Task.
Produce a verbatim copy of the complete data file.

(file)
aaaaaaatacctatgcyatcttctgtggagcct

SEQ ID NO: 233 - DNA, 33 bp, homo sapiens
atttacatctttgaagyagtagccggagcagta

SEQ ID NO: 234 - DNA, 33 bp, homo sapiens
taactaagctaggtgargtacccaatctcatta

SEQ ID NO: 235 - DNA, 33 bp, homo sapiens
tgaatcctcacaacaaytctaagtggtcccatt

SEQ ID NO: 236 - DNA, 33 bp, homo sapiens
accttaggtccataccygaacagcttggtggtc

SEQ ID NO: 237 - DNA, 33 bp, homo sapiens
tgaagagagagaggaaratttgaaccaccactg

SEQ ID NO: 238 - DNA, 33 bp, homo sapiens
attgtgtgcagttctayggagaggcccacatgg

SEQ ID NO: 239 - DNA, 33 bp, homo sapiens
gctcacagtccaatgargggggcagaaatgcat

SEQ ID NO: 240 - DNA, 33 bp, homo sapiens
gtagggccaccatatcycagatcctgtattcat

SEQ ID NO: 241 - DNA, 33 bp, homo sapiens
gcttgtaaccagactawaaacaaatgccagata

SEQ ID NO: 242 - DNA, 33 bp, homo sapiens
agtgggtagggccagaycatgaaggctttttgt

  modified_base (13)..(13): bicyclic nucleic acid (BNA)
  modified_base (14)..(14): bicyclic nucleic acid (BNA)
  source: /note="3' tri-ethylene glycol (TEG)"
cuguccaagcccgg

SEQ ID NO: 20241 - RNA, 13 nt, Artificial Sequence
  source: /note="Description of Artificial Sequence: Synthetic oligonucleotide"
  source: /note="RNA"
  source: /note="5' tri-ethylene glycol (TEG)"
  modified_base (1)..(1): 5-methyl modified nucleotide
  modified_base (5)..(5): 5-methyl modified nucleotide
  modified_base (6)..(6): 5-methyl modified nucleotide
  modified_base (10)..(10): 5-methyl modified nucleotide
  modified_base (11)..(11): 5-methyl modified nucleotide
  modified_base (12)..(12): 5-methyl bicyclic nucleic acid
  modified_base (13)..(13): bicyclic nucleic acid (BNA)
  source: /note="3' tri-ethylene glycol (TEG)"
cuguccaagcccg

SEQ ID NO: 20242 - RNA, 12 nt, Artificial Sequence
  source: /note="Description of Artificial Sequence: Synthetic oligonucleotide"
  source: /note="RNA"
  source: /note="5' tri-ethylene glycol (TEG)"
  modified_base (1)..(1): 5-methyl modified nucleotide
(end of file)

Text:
aaaaaaatacctatgcyatcttctgtggagcct

SEQ ID NO: 233 - DNA, 33 bp, homo sapiens
atttacatctttgaagyagtagccggagcagta

SEQ ID NO: 234 - DNA, 33 bp, homo sapiens
taactaagctaggtgargtacccaatctcatta

SEQ ID NO: 235 - DNA, 33 bp, homo sapiens
tgaatcctcacaacaaytctaagtggtcccatt

SEQ ID NO: 236 - DNA, 33 bp, homo sapiens
accttaggtccataccygaacagcttggtggtc

SEQ ID NO: 237 - DNA, 33 bp, homo sapiens
tgaagagagagaggaaratttgaaccaccactg

SEQ ID NO: 238 - DNA, 33 bp, homo sapiens
attgtgtgcagttctayggagaggcccacatgg

SEQ ID NO: 239 - DNA, 33 bp, homo sapiens
gctcacagtccaatgargggggcagaaatgcat

SEQ ID NO: 240 - DNA, 33 bp, homo sapiens
gtagggccaccatatcycagatcctgtattcat

SEQ ID NO: 241 - DNA, 33 bp, homo sapiens
gcttgtaaccagactawaaacaaatgccagata

SEQ ID NO: 242 - DNA, 33 bp, homo sapiens
agtgggtagggccagaycatgaaggctttttgt

  modified_base (13)..(13): bicyclic nucleic acid (BNA)
  modified_base (14)..(14): bicyclic nucleic acid (BNA)
  source: /note="3' tri-ethylene glycol (TEG)"
cuguccaagcccgg

SEQ ID NO: 20241 - RNA, 13 nt, Artificial Sequence
  source: /note="Description of Artificial Sequence: Synthetic oligonucleotide"
  source: /note="RNA"
  source: /note="5' tri-ethylene glycol (TEG)"
  modified_base (1)..(1): 5-methyl modified nucleotide
  modified_base (5)..(5): 5-methyl modified nucleotide
  modified_base (6)..(6): 5-methyl modified nucleotide
  modified_base (10)..(10): 5-methyl modified nucleotide
  modified_base (11)..(11): 5-methyl modified nucleotide
  modified_base (12)..(12): 5-methyl bicyclic nucleic acid
  modified_base (13)..(13): bicyclic nucleic acid (BNA)
  source: /note="3' tri-ethylene glycol (TEG)"
cuguccaagcccg

SEQ ID NO: 20242 - RNA, 12 nt, Artificial Sequence
  source: /note="Description of Artificial Sequence: Synthetic oligonucleotide"
  source: /note="RNA"
  source: /note="5' tri-ethylene glycol (TEG)"
  modified_base (1)..(1): 5-methyl modified nucleotide